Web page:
Bobby Allison and his heavy Chevy won the second 125-miler. It was a race unmarred by accidents or yellow flags. Foyt, who offered the only strong challenge during the 50 laps, had a leaky right-front tire—so he said afterward—but was able to stay close, hang tough, psych the opposition and still sit in the front row of the big race. Petty parked with a weary fuel pump and Buddy Baker with a busted cylinder, so Granatelli's dynamic duo was relegated to the 16th row on the grid for the 500—a long way back to be considered a challenge.
Allison delivered a somber and impromptu eulogy for Friday Hassler after the heats had cooled: "Friday was a personal friend of mine since 1959. All these years in racing—it broke my heart. But all I could do was hurt for him." He paused, thinking perhaps of the unspoken question: How do you go out and race after your friend has been killed in the race just previous? "We all know the risks and we have to do it—that's the only way I know how to say it. All I could do was hurt for him."
Race day proved disappointing to any number of people, among them Cornelia Wallace. A virus—might one call it Asian flu?—zonked her on the eve of the big day, and she retired to a hospital bed in Montgomery. Young Bill France drove the pace car in Cornelia's stead, cheered on by both his dad and his dad's presidential candidate.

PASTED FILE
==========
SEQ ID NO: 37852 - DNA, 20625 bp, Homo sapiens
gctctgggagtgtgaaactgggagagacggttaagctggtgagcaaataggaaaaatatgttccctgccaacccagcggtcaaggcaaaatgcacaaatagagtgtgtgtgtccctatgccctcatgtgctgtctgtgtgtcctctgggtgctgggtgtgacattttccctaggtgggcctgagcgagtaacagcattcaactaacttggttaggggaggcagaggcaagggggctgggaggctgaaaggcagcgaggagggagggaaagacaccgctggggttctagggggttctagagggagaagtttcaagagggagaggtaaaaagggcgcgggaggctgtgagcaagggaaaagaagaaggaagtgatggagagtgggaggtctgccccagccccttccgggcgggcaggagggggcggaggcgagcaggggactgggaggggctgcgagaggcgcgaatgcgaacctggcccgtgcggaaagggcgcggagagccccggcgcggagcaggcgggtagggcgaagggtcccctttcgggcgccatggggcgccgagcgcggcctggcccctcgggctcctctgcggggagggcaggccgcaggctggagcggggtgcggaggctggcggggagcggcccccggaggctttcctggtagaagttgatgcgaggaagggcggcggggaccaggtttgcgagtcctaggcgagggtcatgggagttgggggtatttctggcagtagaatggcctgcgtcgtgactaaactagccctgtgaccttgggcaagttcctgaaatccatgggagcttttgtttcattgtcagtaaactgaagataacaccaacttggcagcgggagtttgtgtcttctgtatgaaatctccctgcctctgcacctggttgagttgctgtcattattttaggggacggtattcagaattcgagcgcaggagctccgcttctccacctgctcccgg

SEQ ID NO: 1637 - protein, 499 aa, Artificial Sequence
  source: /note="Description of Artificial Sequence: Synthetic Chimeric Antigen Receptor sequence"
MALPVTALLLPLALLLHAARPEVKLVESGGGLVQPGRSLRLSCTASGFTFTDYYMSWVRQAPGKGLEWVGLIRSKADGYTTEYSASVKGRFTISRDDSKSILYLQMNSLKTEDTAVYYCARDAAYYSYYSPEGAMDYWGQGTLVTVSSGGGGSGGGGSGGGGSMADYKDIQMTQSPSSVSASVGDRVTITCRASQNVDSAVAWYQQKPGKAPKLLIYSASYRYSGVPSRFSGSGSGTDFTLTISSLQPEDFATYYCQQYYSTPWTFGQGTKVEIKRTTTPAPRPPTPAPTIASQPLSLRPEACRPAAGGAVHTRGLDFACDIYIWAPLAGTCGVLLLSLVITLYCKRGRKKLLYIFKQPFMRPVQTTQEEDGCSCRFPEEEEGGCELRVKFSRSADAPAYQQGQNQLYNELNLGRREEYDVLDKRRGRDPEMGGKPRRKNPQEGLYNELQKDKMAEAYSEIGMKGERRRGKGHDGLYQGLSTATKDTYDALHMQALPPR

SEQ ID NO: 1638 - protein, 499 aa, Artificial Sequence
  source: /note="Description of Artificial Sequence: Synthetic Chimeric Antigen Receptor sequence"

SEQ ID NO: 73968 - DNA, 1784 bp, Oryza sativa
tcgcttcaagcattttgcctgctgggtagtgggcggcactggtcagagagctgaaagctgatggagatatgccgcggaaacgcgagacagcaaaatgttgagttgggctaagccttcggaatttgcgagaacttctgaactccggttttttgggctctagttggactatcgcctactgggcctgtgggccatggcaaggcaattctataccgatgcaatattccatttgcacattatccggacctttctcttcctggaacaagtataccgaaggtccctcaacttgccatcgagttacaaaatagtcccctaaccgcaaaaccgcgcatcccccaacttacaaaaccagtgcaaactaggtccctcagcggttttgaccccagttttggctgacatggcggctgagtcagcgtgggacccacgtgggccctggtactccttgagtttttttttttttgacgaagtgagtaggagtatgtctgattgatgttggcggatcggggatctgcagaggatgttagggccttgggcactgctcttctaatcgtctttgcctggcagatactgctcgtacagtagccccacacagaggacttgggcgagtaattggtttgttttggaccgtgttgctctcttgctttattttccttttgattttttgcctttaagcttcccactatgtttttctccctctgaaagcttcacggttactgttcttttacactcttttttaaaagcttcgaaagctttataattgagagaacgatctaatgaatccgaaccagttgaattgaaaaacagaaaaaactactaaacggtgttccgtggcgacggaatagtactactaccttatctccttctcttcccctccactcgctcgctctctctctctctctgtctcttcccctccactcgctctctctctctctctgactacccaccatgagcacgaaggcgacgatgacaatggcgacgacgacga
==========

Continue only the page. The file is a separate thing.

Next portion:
With the green flag it became evident that Foyt had the most horses. He blew past Isaac with ease, then diced briefly with Allison before establishing his supremacy. The early going was most memorable for the hard charging of Petty and Baker. Starting from their positions far back on the grid, the Day-Glo duo blasted to the fourth and fifth positions within the first four laps. Then on the 19th lap Baker tangled with a Ford driven by rookie Walter Ballard, who lost it in the high banks of Turn Four, flipped onto his roof and skidded a full quarter of a mile while Buddy spun, bent and finished but unhurt, into the infield. During the ensuing caution period, Donohue quietly retired his uncompetitive Matador with a broken pushrod. Oh, well, you're still a good man, Charlie Brown.
Then came the most exciting part of the race, a tit-for-tat duel between Foyt and Petty, with each man seeming to toy with the other while exchanging the lead. By this time Allison was out of contention with a rock through his windshield. The NASCAR-oriented crowd of nearly 100,000 cheered Petty on, but a sense of gloom set in when it became clear that Foyt was merely stringing Richard along. Then, well before the halfway mark, Petty popped a valve spring. Streaming smoke, he wheeled behind the wall to join Isaac, who had retired earlier with ignition trouble. They were followed soon afterward by everybody's wacky favorite, Coo Coo Marlin. Two more minor yellows permitted Foyt to renew his rubber and cement his dominance.
By the time Super Tex took the checkered flag, and the lion's share of the $183,700 in prize money, he had reassured the racing world that Anthony Joseph Foyt Jr. of Houston, Texas is still America's No. 1 hot dog.